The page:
In 2009, Highland Park Village was purchased by Stephen Summers, Elisa Summers, Heather Washburne, and Ray Washburne for a record $170 million, the highest total price for a retail property of that year. While retail in other parts of the country was hit hard by the recession, Highland Park Village managed to stay strong with the opening of Vince, a contemporary sportswear label and Leggiadro, a Manhattan-based luxury Italian store. The new owners replaced the former Banana Republic space with Texas' only Christian Louboutin and Diane Von Furstenberg.
With the news of the Tom Thumb and Williams Sonoma closing in the center, many speculate a massive retail overhaul with multiple new boutiques for brands in search of stores in the area. The center hosted the "goop" brand pop-up store for the 2014 winter season collaborated with founder, Gwyneth Paltrow that brought mass attention to the center.
Currently the Village commands about $125 per square foot; placing it among the priciest retail locales in the state, although inexpensive relative to luxury retail areas in larger markets New York City, Los Angeles, and Chicago. Located near the wealthiest neighborhoods in the region, with Texas' first country club right next door, sales in Highland Park Village range from $1,000 per square foot to more than $1,500 annually.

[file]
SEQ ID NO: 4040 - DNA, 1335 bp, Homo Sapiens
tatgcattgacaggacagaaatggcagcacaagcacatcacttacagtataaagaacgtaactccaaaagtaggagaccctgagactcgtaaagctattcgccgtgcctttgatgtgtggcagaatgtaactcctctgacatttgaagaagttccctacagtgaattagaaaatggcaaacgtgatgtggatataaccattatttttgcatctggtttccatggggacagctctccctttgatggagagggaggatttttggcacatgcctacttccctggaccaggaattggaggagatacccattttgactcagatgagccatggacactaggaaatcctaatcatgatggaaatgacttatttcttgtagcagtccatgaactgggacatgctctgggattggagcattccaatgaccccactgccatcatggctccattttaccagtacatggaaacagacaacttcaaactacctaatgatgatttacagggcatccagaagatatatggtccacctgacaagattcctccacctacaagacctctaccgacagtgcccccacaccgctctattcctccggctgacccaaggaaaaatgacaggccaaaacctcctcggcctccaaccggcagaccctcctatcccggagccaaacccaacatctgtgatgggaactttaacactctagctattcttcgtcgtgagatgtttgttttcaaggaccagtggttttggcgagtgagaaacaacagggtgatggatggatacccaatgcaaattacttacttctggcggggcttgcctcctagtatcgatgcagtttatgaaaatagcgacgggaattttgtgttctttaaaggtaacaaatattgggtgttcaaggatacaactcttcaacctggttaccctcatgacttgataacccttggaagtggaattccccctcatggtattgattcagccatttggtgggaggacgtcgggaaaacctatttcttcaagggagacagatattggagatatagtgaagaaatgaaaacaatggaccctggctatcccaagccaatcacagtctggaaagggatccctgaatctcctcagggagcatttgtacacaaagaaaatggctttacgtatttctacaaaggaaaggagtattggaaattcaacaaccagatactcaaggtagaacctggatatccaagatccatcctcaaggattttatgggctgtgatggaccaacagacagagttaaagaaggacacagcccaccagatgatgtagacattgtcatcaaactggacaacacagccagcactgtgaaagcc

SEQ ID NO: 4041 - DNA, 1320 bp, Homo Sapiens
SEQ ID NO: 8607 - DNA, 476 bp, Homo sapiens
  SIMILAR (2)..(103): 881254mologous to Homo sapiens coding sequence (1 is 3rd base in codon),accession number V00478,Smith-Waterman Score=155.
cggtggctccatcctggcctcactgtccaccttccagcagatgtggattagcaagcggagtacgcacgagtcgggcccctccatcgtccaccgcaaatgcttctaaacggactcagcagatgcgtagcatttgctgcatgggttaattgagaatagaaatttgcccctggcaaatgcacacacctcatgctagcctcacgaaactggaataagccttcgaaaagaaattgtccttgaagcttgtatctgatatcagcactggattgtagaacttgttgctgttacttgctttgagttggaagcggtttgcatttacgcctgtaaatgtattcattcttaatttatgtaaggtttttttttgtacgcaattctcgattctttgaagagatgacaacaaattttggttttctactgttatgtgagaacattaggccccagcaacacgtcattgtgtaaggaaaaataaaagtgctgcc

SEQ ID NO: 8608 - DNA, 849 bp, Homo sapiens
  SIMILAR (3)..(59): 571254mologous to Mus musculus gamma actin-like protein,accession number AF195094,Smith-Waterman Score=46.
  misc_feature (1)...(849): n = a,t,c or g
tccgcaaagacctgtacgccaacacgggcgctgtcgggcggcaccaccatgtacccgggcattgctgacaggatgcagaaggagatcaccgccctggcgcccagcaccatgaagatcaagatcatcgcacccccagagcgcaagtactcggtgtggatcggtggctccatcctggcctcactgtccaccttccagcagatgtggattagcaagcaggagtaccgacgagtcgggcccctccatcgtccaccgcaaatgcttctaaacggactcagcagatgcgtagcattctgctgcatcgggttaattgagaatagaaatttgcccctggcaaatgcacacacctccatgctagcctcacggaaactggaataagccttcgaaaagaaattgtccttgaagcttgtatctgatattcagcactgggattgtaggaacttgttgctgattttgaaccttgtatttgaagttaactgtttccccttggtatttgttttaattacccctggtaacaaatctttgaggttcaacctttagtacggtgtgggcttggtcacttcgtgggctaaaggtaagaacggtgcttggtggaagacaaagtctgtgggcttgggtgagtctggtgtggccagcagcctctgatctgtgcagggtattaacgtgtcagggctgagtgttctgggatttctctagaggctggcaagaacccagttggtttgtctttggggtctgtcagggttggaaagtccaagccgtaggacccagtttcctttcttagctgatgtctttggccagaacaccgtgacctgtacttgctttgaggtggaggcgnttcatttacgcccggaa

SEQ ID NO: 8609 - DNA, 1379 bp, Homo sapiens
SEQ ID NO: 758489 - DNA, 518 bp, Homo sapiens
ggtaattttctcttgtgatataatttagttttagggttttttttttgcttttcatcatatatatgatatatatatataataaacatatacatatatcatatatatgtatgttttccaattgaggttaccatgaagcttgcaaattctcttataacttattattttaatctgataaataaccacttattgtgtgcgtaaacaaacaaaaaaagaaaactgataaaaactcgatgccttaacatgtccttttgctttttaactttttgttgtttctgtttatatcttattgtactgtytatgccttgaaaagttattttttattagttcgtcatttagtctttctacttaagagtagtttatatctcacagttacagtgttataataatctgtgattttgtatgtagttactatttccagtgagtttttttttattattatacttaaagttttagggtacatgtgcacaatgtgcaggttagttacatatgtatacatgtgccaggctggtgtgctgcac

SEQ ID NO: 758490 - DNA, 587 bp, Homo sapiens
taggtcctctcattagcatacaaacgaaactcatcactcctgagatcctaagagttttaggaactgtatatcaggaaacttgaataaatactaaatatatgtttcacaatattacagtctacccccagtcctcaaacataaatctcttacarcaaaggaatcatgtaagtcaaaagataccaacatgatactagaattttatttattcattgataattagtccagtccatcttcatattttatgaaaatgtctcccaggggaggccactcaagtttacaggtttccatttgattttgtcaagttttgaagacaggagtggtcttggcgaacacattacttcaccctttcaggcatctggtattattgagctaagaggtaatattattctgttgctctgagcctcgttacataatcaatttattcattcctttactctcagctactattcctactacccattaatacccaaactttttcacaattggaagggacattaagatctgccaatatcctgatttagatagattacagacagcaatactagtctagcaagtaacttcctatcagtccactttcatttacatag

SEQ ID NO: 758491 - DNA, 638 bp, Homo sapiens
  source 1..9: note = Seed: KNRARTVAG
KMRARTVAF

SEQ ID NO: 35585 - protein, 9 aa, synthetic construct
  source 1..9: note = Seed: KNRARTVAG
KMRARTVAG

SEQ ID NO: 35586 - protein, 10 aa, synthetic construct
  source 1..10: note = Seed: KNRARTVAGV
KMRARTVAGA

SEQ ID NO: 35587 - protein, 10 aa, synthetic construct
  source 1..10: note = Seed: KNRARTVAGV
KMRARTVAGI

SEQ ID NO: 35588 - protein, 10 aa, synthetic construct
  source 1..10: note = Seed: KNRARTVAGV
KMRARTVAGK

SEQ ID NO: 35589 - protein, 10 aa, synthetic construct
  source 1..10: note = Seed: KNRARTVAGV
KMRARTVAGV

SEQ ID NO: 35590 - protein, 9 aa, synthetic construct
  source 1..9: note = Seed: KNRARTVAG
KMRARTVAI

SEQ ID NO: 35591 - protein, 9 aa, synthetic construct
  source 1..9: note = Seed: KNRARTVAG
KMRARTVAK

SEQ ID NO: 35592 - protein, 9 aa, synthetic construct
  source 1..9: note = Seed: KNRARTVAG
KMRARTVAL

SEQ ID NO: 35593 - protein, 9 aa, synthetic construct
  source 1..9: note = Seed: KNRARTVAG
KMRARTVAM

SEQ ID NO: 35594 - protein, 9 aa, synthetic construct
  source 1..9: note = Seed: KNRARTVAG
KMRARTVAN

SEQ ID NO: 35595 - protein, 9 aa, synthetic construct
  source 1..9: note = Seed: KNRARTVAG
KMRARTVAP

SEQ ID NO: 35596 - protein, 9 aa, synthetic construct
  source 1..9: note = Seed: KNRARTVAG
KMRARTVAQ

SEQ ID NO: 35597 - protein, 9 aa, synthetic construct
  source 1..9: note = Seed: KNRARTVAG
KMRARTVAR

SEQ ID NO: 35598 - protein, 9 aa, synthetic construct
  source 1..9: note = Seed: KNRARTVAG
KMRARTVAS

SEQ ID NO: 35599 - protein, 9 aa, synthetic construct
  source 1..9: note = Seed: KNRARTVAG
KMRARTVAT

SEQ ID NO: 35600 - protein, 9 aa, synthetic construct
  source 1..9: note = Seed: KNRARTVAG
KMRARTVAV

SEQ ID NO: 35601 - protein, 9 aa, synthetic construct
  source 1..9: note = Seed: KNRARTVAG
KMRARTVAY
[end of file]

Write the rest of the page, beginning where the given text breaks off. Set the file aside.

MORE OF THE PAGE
The Village Theater, Texas' first luxury theater, is also found at Highland Park Village. When it first opened in 1935 its construction cost more than $100,000, which is over $1,700,000 inflation adjusted and at the time was considered an astronomical amount. In 1979, the theater was renovated, with the balcony being converted into an additional screen. It was purchased by AMC Theatres in 1987, and the entire Art Deco interior was demolished, converting it into 11,000 square feet (1,000 m2) of retail space, and two brand-new theater screens upstairs. It was once again renovated in 2010. The Village has a handful of dining options ranging from cafes and bistros to cheese and spirit shops.
- National Register of Historic Places listings in Dallas County, Texas
- List of National Historic Landmarks in Texas
- List of shopping malls in Texas
- Highland Park Village Facts Sheet. Retrieved 20 February 2007.
- "National Register Information System". National Register of Historic Places. National Park Service. November 2, 2013.
- W. Dwayne Jones; Susan Allen Kline; Carolyn Pitts; Patty Henry; Beth Savage (February 1999). "National Register of Historic Places Inventory-Nomination: Highland Park Shopping Village / Highland Park Village" (pdf). National Park Service. Cite journal requires
|journal=(help) and Accompanying 14 photos, from 1998 (32 KB)
- "Highland Park Shopping Village". National Historic Landmark summary listing. National Park Service. Archived from the original on 2008-06-11. Retrieved 2008-03-30.
- Dallas Convention & Visitors Bureau - Listing: Highland Park Village Archived 2006-05-08 at the Wayback Machine. Retrieved 9 September 2006.
- "New Owners Plan Changes at Highland Park Village". Retrieved 2010-03-26.
- "Christian Dior, Yves Saint Laurent, Alexander McQueen to open in Highland Park Village".
- Hethcock, Bill (2010-02-28). "New tenants on tap at Highland Park Village". Retrieved 2010-03-26.
- "Legacy". Retrieved 2010-03-26.